Fashion Law Institute Panel on Child Performer Law

A new law has just been passed in New York State which could spell major changes for the modeling industry.  As of today, November 20, 2013, fashion models under the age of 18 will be protected by the child performer law which previously applied only to child actors in film, television or live theater.  These laws govern a child’s working hours, schooling requirements and trust account payments as well as the need for their employer to provide a responsible person as guardian of the child if there is no parental figure available.  There is a tremendous amount of paperwork involved and most designers can’t be bothered.  Fines will be imposed and the offending designer’s runway show may even be shut down if the ruling is overlooked in accordance with spot checks from the Department of Labor.  Fashion week will be a true test of the law and the panel agreed that many modeling agencies will no longer be bringing underage models into the country. Clients will most likely want to find someone who is at least 18.

Cocktails before the panel discussion

I attended an event, appropriately enough at The Players Club, last night presented by The Fashion Law Institute. Professor Susan Scafidi, founder & Academic Director of the Institute introduced the evening’s program. A panel of speakers well versed on the subject discussed the new law before a crowd of primarily Fordham Law students which is where the Fashion Law Institute resides.  The moderators were Ali Grace Marquart, formerly of in-house counsel to Wilhelmina Models and Doreen Small, formerly of in-house counsel to Ford Models who have joined forces in their own firm Marquart & Small as well as both being professors of Fashion Modeling Law at the university.  On the panel were Sara Ziff, founder and director of the Model Alliance (a model herself), Richard Runes, government affairs attorney, Huseina Sulaimanee, counsel for SAG-AFTRA, James Scully, casting agent, Pico Ben-Amotz, general counsel, New York State Department of Labor, Ava Smith, a Wilhelmina model and Roman Young, director of Woman/Image division at Wilhelmina.  Each of the speakers had something different to add due to their unique perspectives but all of them were feeling celebratory that the law was finally being mandated.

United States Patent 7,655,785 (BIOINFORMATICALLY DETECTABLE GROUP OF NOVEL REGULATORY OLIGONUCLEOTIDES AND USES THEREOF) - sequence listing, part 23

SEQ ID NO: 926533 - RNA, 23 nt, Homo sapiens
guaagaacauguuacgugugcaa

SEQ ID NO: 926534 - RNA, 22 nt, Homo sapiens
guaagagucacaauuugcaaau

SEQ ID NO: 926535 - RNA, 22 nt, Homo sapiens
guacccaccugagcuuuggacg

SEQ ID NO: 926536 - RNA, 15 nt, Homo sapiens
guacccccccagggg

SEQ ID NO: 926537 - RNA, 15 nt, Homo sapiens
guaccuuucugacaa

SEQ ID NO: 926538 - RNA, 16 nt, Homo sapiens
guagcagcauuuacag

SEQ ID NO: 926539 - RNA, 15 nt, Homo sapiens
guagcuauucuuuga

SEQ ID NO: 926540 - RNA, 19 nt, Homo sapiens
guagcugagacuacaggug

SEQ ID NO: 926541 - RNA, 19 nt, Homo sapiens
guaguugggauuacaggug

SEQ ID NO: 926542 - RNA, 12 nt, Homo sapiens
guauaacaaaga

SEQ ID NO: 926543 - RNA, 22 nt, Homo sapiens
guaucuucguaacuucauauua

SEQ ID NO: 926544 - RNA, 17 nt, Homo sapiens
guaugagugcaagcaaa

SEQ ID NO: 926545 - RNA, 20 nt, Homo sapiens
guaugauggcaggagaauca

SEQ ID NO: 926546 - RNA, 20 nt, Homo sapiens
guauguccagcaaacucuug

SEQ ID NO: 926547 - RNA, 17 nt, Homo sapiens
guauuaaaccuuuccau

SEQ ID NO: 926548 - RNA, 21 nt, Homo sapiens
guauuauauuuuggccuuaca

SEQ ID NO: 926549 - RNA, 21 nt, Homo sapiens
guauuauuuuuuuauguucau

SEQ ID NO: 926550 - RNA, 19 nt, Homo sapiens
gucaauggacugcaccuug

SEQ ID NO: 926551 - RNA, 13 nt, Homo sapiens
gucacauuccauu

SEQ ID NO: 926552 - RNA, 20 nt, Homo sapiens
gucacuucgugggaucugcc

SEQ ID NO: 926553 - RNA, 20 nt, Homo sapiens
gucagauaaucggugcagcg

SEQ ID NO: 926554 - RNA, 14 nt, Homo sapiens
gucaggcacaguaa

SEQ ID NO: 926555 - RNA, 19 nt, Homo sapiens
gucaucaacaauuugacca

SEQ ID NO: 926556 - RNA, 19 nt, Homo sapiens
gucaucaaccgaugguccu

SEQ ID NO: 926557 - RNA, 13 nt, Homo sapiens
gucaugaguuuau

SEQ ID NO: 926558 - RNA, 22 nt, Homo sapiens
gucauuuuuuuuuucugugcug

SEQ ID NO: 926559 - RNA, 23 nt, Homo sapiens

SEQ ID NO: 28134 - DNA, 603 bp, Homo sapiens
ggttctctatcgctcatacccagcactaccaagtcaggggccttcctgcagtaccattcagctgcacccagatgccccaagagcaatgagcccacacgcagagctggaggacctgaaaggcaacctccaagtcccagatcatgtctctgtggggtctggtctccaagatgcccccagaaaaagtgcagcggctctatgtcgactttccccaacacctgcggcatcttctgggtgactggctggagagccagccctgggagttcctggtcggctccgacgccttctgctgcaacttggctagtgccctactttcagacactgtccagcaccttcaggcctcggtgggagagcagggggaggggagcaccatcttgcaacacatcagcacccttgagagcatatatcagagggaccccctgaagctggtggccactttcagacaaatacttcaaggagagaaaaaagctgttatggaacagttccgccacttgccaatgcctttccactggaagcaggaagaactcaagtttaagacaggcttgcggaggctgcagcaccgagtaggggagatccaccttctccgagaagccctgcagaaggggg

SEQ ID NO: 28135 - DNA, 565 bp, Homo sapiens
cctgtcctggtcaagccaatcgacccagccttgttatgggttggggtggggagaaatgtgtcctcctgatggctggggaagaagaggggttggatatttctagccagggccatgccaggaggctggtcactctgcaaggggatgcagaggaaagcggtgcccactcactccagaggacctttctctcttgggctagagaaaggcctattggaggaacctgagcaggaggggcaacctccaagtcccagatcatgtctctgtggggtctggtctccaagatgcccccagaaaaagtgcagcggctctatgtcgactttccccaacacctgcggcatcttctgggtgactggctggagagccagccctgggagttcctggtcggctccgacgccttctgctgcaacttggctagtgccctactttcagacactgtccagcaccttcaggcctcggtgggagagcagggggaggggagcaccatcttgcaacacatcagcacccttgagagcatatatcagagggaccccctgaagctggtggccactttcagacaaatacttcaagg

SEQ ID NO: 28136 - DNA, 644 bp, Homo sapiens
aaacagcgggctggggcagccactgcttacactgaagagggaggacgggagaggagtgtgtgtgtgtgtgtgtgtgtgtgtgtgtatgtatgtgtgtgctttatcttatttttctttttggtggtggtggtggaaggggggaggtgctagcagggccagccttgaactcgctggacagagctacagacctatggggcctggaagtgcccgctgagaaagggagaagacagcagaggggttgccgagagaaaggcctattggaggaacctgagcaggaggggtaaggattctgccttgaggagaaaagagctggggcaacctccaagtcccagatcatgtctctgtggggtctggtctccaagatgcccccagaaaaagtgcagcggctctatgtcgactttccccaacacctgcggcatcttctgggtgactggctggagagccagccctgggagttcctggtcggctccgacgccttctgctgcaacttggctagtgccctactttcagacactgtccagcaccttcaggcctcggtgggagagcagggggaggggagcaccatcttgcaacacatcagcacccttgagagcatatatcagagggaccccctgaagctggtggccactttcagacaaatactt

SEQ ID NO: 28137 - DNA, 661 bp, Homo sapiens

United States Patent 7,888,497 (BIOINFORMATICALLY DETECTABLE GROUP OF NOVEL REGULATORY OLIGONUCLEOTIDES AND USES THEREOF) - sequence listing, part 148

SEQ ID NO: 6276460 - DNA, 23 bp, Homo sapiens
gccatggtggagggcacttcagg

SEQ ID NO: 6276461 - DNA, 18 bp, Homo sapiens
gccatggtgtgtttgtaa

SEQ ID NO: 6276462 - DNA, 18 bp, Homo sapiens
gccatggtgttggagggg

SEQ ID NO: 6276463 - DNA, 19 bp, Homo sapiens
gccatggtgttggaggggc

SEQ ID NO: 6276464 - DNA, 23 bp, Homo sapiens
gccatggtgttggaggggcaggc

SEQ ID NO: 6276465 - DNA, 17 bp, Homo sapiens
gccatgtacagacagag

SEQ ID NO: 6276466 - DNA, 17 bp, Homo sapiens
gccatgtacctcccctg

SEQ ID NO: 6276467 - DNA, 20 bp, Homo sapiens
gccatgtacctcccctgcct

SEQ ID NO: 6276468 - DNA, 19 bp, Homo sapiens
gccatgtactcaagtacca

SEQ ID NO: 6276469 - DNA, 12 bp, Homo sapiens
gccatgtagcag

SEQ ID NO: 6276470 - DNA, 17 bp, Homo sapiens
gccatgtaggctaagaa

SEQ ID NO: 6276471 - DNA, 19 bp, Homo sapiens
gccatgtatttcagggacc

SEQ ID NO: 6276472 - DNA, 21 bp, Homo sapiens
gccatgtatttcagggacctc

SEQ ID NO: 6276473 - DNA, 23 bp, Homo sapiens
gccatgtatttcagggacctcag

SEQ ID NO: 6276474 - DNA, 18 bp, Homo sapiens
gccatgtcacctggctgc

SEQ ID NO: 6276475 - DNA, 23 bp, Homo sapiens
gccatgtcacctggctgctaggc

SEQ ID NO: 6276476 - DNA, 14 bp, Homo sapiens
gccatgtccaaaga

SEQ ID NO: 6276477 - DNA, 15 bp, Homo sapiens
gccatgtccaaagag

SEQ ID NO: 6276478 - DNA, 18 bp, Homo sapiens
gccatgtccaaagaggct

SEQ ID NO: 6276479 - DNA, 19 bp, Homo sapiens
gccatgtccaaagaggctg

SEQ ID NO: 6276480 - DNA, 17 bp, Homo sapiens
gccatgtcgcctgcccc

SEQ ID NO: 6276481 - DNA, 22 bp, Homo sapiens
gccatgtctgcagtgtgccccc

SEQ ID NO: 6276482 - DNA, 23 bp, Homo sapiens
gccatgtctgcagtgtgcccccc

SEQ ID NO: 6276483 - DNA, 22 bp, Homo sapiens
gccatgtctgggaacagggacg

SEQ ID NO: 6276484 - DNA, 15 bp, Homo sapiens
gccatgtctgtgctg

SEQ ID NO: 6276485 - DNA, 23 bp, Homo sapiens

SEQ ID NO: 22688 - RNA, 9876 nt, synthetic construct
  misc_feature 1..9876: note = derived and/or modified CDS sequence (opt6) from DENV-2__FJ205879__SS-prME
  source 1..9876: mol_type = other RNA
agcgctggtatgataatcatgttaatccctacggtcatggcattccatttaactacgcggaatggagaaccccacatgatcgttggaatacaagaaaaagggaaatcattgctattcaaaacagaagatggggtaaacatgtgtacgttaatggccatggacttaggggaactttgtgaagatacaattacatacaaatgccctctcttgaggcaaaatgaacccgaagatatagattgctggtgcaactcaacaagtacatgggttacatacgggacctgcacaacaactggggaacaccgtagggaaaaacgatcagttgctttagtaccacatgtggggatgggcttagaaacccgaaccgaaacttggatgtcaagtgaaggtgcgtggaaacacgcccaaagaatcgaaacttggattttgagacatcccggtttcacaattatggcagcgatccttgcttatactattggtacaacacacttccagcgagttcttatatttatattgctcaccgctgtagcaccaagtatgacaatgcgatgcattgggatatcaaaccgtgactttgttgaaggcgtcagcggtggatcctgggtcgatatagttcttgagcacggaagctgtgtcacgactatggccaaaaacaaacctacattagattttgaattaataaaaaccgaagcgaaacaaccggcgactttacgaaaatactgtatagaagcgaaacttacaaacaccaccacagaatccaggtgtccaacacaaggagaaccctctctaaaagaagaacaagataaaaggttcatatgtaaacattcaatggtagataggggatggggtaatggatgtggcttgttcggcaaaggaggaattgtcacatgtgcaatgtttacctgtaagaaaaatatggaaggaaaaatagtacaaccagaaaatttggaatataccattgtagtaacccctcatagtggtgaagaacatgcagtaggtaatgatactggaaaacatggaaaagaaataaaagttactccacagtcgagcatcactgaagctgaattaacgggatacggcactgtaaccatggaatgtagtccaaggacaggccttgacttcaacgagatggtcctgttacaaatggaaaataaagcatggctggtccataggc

A lively discussion

“I’m not gonna tell you exactly how the sausage gets made” said Runes referring to how Senators Jeff Kline and Diane Savino introduced the bill to the senate and the assembly and it was passed three days later by the senate.  He also mentioned that there were adversaries to this legislation and therefore it was done with no publicity.  Change had been in the works since 2003 most likely brought on by the need to do something about modeling agencies hiring  girls of 14 or 15. Casting Agent Scully cited the influx of child models from Eastern Europe and Brazil.  Before that he said the norm was Cindy Crawford, in her 20’s, and a buxom size 8.  As the pendulum swung and modeling agencies sought thinner bodies, the average age of a model went toward the pre-pubescent.  Models under 18 will still get work in Milan, Paris and Asia but not in New York which is where they really need to be to be successful.  Even California has strict laws governing underage models.

Roman Young, the Wilhemina Model scout summed it up when he said “I do not want to fly around the world and talk to teenagers all day.”  Scully added that he had once tried to book 3 models for a shoot in Paris and was told they couldn’t be reached as they were visiting Disneyland with their parents.  He pointed out the incongruity of them being at Disneyland today and in Chanel tomorrow.  He added that perhaps the modeling agencies will only bring over 1 or 2 special girls that they will fill out the necessary paperwork for, rather than 20.” “There were (unchaperoned) children running all over Manhattan) he remarked. Lastly the panel agreed that there may still be a need to make some “tweaks” or impose a variance once Fashion Week rolls around again in February.

We welcome our newest contributor Laurel Marcus: My formal education is in Journalism (B.S. from Boston University) and my past employment has included stints as a copywriter/feature writer for a public relations firm, an interior design director for the hospitality industry as well as a part-time stylist/personal shopper for anyone who has asked me nicely or seemed desperate enough.  I have appeared in Bill Cunningham’s NYTimes column “On the Street” (I told everyone I was a “streetwalker”) and my personal style is “in-your-face.”

Laurel Marcus

OG journo major who thought Strunk & White's "The Elements of Style" was a fashion guide. Desktop comedienne -- the world of fashion gives me no shortage of material.

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